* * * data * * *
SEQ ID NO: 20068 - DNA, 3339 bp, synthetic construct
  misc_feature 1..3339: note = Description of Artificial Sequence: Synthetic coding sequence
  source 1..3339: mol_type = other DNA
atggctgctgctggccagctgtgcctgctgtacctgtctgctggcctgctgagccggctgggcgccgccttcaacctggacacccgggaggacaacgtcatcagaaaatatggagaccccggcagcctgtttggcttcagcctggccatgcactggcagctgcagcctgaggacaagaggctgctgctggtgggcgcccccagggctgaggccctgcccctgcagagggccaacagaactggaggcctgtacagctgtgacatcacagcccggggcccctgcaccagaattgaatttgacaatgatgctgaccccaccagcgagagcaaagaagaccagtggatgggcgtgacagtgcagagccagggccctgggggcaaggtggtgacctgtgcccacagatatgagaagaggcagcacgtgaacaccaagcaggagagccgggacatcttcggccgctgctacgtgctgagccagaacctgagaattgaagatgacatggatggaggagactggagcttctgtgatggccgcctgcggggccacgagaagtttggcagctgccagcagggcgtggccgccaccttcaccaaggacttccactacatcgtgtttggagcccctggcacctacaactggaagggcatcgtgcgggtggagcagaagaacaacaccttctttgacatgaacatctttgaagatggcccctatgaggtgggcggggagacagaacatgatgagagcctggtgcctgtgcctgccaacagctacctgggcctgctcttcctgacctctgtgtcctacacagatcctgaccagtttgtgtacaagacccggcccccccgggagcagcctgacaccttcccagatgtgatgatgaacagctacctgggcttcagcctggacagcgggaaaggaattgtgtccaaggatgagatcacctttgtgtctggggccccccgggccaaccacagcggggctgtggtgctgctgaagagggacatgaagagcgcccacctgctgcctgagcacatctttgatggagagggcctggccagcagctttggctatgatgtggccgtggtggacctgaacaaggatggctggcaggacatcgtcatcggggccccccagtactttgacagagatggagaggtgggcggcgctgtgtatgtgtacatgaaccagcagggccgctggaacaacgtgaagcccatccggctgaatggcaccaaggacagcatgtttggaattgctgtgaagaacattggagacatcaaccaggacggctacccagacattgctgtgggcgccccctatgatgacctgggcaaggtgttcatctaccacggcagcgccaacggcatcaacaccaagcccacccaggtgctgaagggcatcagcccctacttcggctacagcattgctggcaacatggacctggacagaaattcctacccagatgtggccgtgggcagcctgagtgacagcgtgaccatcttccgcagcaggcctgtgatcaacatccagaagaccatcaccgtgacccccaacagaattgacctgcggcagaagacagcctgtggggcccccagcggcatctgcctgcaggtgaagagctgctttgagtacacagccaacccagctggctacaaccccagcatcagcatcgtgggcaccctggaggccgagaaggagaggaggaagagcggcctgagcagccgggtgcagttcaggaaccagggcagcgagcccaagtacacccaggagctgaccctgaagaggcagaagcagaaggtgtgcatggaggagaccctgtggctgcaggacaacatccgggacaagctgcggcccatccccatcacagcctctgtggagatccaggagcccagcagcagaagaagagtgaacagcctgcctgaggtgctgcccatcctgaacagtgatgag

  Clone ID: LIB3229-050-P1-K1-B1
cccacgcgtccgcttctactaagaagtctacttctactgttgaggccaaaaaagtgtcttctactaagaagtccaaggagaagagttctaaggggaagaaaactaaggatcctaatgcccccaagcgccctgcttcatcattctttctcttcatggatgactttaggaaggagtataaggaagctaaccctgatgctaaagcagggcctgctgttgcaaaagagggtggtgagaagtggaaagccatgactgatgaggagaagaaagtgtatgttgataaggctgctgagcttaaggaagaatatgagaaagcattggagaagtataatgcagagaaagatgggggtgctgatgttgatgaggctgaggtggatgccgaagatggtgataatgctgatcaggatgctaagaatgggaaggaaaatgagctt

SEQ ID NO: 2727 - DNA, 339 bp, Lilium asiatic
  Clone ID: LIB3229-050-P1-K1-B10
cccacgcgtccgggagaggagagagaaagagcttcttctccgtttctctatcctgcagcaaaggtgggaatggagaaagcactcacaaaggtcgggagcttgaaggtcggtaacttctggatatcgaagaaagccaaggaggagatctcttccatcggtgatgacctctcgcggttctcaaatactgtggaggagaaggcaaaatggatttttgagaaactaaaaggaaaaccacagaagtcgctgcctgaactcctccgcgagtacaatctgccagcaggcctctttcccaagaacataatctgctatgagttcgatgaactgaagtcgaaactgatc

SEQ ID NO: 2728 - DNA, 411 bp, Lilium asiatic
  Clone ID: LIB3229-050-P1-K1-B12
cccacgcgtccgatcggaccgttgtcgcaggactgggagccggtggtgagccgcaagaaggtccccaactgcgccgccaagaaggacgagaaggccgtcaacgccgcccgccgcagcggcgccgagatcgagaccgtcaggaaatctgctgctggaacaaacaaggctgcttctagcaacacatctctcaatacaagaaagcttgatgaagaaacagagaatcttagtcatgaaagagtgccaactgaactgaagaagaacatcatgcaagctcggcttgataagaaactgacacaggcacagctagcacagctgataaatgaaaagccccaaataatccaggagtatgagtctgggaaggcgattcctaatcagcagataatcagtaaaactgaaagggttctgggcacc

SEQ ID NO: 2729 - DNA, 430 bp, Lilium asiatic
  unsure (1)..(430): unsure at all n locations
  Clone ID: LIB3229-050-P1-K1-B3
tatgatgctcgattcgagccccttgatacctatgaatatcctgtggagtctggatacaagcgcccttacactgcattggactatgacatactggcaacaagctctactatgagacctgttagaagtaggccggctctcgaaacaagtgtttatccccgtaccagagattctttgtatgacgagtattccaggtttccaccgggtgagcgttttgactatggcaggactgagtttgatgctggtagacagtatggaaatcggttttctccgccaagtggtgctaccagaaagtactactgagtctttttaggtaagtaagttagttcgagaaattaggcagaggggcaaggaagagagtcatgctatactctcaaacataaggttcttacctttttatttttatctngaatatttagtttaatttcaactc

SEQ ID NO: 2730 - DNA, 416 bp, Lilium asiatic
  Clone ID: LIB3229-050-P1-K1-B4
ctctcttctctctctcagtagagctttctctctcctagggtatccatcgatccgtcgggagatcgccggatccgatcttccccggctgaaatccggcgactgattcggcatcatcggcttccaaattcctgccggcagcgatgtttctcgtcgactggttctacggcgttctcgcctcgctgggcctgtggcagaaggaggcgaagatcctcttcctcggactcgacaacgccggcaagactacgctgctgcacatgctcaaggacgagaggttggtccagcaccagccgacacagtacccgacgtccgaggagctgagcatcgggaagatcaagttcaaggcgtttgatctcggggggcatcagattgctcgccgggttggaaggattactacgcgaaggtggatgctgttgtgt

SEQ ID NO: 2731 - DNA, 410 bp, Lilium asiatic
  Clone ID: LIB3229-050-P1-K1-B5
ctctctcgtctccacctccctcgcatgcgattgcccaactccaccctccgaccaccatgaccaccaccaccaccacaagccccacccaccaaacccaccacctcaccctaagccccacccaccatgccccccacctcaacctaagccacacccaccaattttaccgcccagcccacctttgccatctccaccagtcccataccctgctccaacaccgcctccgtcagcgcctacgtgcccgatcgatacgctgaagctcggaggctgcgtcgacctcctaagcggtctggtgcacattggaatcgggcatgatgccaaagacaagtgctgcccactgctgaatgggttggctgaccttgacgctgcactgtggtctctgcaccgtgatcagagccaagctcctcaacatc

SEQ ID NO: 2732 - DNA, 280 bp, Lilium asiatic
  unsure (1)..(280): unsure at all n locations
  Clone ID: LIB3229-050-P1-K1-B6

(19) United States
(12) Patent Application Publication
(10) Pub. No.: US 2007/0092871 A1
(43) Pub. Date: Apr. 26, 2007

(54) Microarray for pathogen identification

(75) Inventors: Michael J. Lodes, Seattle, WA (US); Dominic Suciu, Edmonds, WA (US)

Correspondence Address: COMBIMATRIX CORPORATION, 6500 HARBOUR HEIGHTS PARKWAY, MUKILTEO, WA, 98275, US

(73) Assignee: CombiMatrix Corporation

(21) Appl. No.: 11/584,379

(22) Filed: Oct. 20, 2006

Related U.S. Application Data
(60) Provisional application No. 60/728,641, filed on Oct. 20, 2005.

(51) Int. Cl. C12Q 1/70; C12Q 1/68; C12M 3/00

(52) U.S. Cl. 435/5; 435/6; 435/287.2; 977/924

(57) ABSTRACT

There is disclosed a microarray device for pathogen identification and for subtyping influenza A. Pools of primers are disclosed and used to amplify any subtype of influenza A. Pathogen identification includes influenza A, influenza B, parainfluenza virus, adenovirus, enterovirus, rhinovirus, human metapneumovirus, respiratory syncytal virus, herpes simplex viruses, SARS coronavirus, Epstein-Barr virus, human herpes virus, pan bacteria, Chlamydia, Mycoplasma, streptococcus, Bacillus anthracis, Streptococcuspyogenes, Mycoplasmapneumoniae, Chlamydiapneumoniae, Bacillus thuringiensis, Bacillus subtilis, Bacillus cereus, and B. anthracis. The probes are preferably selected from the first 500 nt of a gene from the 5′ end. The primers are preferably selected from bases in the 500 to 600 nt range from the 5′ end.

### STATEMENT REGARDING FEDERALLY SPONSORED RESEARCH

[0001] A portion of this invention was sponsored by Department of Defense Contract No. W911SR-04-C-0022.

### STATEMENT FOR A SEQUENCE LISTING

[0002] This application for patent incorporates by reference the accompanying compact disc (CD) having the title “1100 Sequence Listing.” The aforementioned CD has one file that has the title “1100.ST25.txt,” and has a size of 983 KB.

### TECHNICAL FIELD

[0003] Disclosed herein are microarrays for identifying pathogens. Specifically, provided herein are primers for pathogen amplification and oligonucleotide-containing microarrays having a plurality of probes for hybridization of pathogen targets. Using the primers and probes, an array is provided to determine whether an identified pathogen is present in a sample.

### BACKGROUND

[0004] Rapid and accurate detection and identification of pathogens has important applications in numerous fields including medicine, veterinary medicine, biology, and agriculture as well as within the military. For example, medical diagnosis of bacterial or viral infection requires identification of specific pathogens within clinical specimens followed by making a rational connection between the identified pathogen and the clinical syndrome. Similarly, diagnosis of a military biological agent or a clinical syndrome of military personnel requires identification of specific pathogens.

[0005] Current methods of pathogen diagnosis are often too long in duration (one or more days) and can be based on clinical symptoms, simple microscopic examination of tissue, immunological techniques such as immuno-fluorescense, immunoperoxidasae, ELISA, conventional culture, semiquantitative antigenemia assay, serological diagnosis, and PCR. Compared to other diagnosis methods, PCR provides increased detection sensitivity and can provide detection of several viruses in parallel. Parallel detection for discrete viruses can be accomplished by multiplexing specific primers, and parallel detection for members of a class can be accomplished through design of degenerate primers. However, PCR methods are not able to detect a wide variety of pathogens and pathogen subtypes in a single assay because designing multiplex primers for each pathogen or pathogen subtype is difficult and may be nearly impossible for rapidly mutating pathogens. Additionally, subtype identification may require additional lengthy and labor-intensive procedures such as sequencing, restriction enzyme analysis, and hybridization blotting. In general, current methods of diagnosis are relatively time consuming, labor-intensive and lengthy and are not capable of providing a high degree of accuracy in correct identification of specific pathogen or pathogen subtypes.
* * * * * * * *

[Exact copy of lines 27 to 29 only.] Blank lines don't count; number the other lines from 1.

(12) Patent Application Publication
(10) Pub. No.: US 2007/0092871 A1
(43) Pub. Date: Apr. 26, 2007